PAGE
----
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CSI Mauritshuis

Before embarking on the conservation of Saul and David, the team at the Mauritshuis studied the painting thoroughly. We assembled an international committee of advisers and set out to answer a number of key questions regarding the original dimensions, the curtain and the attribution. In many ways the research on the painting resembled a crime scene investigation.

Original dimensions

We now know that the format of Saul and David was originally different from what it is today, but reconstructing the original format has proved to be a challenge. Using the latest equipment and research methods clearly showed that the current painting consists of no fewer than fifteen different pieces of canvas: two large pieces from the original canvas (one with Saul and one with David), complemented by an old canvas (a copy of a portrait of Anthony van Dyck) and other strips on the edges of the painting. The exhibition features a 3D reproduction of the original format.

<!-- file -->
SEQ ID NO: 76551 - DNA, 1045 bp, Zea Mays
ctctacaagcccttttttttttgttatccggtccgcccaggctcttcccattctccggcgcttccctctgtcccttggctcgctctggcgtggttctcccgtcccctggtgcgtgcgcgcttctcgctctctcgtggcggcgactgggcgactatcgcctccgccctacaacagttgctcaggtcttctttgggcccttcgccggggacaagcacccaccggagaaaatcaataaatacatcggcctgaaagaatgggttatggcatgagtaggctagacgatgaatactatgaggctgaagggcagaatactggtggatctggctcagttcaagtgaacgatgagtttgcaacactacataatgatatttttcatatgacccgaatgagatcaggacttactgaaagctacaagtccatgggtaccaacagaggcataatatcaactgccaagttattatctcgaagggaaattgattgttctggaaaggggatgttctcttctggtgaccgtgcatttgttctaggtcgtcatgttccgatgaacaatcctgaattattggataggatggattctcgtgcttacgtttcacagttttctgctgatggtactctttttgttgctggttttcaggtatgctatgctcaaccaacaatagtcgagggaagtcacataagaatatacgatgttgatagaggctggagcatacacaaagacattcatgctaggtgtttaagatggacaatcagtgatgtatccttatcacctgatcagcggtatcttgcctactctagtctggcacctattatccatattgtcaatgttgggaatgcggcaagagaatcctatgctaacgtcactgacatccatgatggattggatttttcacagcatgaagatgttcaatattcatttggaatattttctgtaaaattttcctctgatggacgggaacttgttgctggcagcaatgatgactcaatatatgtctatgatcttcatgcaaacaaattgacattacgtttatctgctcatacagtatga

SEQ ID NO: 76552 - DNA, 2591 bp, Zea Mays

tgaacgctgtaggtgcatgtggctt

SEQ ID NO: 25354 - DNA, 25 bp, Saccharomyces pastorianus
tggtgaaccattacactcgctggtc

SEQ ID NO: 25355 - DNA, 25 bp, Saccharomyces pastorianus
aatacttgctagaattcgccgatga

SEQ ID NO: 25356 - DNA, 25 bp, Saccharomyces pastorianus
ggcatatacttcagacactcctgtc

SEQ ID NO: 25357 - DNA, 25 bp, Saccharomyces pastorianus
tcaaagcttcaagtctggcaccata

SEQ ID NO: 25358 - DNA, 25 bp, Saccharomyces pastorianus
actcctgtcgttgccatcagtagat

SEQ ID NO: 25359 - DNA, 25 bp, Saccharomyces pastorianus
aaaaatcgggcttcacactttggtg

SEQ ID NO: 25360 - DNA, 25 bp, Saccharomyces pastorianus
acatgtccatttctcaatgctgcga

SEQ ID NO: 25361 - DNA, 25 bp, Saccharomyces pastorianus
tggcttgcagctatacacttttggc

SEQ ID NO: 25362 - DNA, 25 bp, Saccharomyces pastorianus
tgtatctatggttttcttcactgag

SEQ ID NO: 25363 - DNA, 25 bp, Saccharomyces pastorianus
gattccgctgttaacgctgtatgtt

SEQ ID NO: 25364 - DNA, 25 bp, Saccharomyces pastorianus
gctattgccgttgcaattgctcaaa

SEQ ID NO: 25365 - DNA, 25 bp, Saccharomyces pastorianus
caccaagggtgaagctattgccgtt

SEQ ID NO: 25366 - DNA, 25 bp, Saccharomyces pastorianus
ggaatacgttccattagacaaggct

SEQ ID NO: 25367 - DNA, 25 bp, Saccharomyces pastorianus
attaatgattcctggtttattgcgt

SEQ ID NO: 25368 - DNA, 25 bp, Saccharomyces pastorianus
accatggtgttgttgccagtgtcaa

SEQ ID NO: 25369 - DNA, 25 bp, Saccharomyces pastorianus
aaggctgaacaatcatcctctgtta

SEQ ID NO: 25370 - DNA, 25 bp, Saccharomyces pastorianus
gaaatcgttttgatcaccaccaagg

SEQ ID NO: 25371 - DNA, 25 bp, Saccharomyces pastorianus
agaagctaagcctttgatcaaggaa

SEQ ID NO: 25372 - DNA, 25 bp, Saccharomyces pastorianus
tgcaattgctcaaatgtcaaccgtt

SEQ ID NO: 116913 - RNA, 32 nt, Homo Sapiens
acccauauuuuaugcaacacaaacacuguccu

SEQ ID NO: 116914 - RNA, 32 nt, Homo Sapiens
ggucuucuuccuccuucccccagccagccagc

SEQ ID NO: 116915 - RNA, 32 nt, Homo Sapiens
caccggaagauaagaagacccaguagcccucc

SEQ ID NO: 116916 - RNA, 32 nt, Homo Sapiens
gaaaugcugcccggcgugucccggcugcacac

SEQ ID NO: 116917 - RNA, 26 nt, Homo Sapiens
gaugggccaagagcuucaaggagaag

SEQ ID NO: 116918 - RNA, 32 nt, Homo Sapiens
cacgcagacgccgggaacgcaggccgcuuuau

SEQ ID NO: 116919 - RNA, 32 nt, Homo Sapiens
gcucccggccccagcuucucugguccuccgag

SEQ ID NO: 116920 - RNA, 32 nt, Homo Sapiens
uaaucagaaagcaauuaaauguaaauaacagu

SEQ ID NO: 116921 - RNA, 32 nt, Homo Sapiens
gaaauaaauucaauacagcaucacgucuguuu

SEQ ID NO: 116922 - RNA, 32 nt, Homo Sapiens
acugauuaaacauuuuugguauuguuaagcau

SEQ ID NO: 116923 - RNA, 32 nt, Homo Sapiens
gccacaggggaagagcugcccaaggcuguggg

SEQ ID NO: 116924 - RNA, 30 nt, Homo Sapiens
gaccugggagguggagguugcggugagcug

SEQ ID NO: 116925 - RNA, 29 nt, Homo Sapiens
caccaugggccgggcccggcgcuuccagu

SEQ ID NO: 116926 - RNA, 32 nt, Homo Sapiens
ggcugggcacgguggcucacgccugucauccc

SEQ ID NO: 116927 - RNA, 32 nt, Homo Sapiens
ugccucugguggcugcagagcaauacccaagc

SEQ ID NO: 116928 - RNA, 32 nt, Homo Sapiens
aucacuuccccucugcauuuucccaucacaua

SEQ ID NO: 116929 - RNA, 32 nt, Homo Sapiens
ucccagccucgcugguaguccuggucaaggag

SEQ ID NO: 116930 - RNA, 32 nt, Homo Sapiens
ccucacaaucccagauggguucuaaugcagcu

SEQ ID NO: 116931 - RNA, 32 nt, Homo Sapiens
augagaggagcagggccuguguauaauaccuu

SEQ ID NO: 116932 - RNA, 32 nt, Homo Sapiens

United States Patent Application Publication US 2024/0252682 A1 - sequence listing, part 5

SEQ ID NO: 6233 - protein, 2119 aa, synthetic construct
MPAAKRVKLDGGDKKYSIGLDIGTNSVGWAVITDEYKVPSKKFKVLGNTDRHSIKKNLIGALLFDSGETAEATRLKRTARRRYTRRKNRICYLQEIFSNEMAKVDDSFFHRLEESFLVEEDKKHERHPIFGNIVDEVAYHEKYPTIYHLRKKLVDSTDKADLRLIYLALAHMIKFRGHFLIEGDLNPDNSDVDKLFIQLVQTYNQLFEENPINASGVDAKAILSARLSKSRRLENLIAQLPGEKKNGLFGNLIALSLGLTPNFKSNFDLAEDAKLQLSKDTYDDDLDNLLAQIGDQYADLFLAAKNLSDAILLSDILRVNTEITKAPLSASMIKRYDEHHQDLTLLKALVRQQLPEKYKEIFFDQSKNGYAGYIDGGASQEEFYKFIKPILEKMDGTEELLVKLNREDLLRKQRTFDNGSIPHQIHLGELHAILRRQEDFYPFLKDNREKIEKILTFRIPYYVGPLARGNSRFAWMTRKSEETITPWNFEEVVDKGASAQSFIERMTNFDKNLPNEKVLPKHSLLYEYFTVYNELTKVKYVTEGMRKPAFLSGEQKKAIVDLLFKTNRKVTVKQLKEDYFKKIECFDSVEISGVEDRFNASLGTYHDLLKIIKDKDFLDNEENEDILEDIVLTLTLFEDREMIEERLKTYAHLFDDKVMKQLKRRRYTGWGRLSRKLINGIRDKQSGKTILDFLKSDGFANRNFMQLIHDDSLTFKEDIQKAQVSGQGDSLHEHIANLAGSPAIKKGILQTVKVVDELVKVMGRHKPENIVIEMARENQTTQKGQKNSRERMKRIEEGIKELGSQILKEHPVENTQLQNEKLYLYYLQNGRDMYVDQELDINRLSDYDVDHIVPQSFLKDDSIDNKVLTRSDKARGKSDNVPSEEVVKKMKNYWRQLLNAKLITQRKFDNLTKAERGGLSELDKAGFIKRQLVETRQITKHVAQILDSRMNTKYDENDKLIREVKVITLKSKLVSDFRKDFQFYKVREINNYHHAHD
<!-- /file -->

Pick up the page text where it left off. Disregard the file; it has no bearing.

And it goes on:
Restoration

The condition of Saul and David was not ideal. Although structurally sound, it certainly looked the worse for wear. The two figures were relatively well preserved, although worn in places. The prominent vertical join and added piece were disfiguring. The paint surface was heavily flattened throughout, and the old varnish was yellowed and cracked.

Petria Noble, then Head of Conservation at the Mauritshuis, began a careful and gradual removal of the varnish and the overpaint, informed by the new research and intended to improve the painting's appearance. What emerged was a patchwork of canvases. Surprisingly, a strip at the bottom was found to display fingers, which proved to come from the same canvas (the Van Dyck copy) as the large piece at the upper right. Carol Pottasch and Susan Smelt continued with the treatment.

Curtain Viewer developed by: Prof. Robert Erdmann

The aim was not to completely disguise the painting’s history. The seams between the different pieces of canvas are still visible if you look very closely, but they no longer interfere with the painting’s overall appearance.

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